A majority of Swedes, or 54 percent, want to change laws so that fewer people are given residence permits, according to the Svenska Dagbladet daily and pollster Sifo.
21 percent want Sweden to receive as many migrants as today, whereas another 10 percent would like to increase the intake. Another 14 percent were undecided.
The survey was conducted between 4 and 6 March, that is, after Turkey threatened to open its border with the EU for immigrants. However, public opinion has remained relatively stable, with approximately the same proportion of responses for and against immigration as those obtained in June 2017.
Sifo's opinion chief Toivo Sjörén argued that the 2015 migrant crisis still haunts the Swedes' attitudes.
“Many people still relate and talk about 2015, regardless of which political party they sympathise with. You return to previous refugee currents,” Sjörén told Svenska Dagbladet.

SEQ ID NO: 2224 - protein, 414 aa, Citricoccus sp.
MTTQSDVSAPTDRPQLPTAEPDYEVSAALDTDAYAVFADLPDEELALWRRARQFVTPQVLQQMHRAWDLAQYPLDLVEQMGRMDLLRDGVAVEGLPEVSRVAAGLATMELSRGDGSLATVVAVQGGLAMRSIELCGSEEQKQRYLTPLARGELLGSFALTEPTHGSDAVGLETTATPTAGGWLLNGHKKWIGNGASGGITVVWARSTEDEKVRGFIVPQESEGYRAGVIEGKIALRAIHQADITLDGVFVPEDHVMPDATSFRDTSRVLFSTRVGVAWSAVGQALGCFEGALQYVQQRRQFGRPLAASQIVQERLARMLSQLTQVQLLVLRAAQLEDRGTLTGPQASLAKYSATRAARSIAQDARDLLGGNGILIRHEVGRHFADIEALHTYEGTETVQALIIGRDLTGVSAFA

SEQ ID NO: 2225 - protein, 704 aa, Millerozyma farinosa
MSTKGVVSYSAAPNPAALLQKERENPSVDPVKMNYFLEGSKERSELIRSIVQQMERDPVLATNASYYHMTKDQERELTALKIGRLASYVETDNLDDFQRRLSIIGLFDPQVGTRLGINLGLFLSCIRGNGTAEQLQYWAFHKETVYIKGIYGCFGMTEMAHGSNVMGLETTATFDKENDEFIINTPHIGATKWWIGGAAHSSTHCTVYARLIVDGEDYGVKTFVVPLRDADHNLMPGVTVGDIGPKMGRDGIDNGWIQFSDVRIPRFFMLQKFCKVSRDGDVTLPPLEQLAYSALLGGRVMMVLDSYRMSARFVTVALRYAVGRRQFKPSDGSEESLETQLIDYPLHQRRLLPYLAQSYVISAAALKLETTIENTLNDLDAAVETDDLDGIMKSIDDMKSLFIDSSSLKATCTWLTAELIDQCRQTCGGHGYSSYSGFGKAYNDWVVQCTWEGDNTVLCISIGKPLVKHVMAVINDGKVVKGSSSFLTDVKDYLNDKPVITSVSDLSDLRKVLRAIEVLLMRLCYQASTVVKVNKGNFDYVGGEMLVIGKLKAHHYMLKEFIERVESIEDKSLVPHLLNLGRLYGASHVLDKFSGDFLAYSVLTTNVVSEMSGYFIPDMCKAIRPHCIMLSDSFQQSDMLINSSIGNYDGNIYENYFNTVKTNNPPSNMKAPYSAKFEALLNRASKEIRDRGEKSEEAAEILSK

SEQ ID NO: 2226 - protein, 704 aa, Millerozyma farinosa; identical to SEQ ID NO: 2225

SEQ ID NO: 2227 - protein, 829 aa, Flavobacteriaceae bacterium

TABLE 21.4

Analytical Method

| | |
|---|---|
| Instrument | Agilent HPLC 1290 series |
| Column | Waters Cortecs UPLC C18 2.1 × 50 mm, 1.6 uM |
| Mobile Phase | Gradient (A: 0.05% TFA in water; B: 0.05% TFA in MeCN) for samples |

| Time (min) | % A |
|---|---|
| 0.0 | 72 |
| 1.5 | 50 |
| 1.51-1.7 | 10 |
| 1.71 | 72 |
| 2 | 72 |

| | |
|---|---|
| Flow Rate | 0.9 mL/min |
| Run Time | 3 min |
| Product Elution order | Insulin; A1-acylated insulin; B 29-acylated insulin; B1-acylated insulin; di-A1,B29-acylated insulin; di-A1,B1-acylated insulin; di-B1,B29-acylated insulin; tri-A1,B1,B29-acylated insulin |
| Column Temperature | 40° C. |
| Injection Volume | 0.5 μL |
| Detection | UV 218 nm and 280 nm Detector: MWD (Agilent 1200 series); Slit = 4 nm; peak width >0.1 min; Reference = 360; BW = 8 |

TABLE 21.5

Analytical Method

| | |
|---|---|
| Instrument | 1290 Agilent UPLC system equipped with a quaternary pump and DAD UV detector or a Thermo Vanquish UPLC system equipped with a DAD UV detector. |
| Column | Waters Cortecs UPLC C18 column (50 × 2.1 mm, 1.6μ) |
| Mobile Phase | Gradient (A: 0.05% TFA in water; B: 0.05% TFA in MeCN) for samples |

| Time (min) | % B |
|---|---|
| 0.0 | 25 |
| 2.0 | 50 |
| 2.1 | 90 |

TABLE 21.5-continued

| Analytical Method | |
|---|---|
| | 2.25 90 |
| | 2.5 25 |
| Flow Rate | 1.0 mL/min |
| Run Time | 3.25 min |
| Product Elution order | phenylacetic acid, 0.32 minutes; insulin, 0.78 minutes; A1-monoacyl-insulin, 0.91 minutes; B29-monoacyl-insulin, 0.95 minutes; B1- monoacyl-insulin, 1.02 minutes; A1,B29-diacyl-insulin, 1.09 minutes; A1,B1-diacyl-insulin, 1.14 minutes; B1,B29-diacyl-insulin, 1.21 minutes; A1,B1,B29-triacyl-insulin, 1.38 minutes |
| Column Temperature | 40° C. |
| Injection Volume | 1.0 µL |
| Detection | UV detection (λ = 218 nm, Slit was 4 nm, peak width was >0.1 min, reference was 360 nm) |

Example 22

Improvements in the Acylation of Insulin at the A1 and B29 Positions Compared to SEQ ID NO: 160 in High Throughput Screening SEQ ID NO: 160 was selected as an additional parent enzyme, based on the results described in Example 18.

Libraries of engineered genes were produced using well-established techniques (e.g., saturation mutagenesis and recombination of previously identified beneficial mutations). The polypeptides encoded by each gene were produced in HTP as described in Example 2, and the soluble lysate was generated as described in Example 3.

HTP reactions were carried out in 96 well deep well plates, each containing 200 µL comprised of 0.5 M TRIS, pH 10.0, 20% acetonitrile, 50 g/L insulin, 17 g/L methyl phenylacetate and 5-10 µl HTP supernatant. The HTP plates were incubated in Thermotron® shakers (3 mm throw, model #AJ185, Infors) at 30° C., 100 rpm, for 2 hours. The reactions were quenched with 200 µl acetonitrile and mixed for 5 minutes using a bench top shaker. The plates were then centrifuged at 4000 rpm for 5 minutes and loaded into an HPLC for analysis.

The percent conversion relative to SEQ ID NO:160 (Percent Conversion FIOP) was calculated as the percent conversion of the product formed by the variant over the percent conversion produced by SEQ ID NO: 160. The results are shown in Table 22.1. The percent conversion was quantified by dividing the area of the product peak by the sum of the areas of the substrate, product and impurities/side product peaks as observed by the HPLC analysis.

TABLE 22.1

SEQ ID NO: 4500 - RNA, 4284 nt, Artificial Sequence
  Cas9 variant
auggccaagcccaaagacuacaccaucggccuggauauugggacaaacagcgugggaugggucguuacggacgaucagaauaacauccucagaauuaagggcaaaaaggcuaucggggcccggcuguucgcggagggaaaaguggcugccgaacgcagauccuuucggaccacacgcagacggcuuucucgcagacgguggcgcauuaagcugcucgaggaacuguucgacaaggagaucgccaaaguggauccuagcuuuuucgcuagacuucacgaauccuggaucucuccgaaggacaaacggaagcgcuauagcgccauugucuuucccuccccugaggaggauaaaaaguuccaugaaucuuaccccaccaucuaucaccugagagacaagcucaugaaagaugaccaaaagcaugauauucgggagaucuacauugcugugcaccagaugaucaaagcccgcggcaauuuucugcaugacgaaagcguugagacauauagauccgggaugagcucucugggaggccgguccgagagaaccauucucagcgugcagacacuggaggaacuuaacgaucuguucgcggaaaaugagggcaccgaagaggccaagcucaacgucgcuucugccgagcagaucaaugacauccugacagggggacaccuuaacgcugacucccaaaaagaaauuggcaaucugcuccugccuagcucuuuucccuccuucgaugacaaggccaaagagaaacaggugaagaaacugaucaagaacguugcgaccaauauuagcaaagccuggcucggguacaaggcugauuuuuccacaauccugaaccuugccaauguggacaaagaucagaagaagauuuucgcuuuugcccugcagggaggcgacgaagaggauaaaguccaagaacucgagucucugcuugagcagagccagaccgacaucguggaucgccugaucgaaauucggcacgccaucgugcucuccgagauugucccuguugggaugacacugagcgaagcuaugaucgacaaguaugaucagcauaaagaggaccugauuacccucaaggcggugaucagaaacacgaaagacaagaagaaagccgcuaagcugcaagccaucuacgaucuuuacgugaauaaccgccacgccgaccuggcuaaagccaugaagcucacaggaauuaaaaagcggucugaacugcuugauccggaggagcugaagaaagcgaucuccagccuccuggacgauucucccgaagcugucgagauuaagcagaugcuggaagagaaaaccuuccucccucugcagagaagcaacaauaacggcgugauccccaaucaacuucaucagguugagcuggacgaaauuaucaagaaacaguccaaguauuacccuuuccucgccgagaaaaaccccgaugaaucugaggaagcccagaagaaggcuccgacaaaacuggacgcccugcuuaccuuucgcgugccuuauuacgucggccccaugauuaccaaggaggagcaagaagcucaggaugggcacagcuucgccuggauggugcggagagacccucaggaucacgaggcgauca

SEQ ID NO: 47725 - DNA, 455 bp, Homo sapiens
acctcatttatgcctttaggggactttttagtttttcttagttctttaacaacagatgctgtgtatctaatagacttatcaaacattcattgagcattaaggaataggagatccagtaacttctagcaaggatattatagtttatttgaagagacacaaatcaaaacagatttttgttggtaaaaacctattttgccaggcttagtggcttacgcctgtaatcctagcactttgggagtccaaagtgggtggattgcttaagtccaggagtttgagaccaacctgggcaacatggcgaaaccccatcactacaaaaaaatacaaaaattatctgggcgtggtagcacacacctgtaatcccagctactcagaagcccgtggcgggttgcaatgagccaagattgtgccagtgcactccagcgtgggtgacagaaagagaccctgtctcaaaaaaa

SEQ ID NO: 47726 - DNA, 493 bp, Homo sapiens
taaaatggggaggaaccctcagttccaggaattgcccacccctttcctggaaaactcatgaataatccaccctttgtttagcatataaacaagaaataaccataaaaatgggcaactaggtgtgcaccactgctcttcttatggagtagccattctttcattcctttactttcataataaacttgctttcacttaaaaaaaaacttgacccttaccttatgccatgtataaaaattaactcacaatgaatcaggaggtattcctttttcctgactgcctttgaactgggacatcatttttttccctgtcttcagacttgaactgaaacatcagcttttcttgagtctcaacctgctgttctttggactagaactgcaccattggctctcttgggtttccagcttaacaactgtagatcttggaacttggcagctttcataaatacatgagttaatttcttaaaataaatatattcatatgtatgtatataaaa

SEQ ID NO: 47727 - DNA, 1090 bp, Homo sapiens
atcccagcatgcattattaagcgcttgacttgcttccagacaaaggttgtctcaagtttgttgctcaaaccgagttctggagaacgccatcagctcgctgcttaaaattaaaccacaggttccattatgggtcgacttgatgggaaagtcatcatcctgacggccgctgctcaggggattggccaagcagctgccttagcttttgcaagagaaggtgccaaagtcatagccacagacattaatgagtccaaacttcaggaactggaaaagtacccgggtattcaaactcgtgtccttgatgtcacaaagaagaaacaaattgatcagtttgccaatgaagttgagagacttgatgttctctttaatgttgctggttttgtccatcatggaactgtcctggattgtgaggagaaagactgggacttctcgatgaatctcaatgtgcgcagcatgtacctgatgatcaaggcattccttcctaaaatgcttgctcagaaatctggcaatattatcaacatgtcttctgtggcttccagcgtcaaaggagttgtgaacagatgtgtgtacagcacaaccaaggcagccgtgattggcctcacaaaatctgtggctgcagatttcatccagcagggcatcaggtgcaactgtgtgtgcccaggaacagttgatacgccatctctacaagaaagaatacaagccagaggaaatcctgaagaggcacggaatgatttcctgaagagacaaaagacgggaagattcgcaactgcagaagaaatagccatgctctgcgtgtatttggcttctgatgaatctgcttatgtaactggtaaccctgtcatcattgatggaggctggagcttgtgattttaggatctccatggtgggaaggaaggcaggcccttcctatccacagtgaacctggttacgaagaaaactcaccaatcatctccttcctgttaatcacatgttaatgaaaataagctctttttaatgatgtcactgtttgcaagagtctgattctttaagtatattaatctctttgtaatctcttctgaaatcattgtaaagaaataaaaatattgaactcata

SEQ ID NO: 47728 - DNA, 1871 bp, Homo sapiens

Economist Joakim Ruist, who specialises in immigration, echoed this sentiment. He also ventured that most people don't know how many asylum seekers Sweden actually receives or how the number has changed over the years. Instead, their response reflects something else, a “gut feeling” affected by major events such as the 2015 crisis.
“It becomes rather a general opinion whether refugee reception is good or bad, rather than an answer to a specific question” Ruist said.
Ruist also suggested that while Turkey's threat to “open the doors” ha yet to fully materialise, more people would like to see a reduced intake if it actually happened.
Since the 2015 migrant crisis, Sweden's attitude toward immigration has changed drastically. While Prime Minister Stefan Löfven explicitly declared “my Europe builds no walls” back in 2015, today he insists on the EU's external border being kept airtight.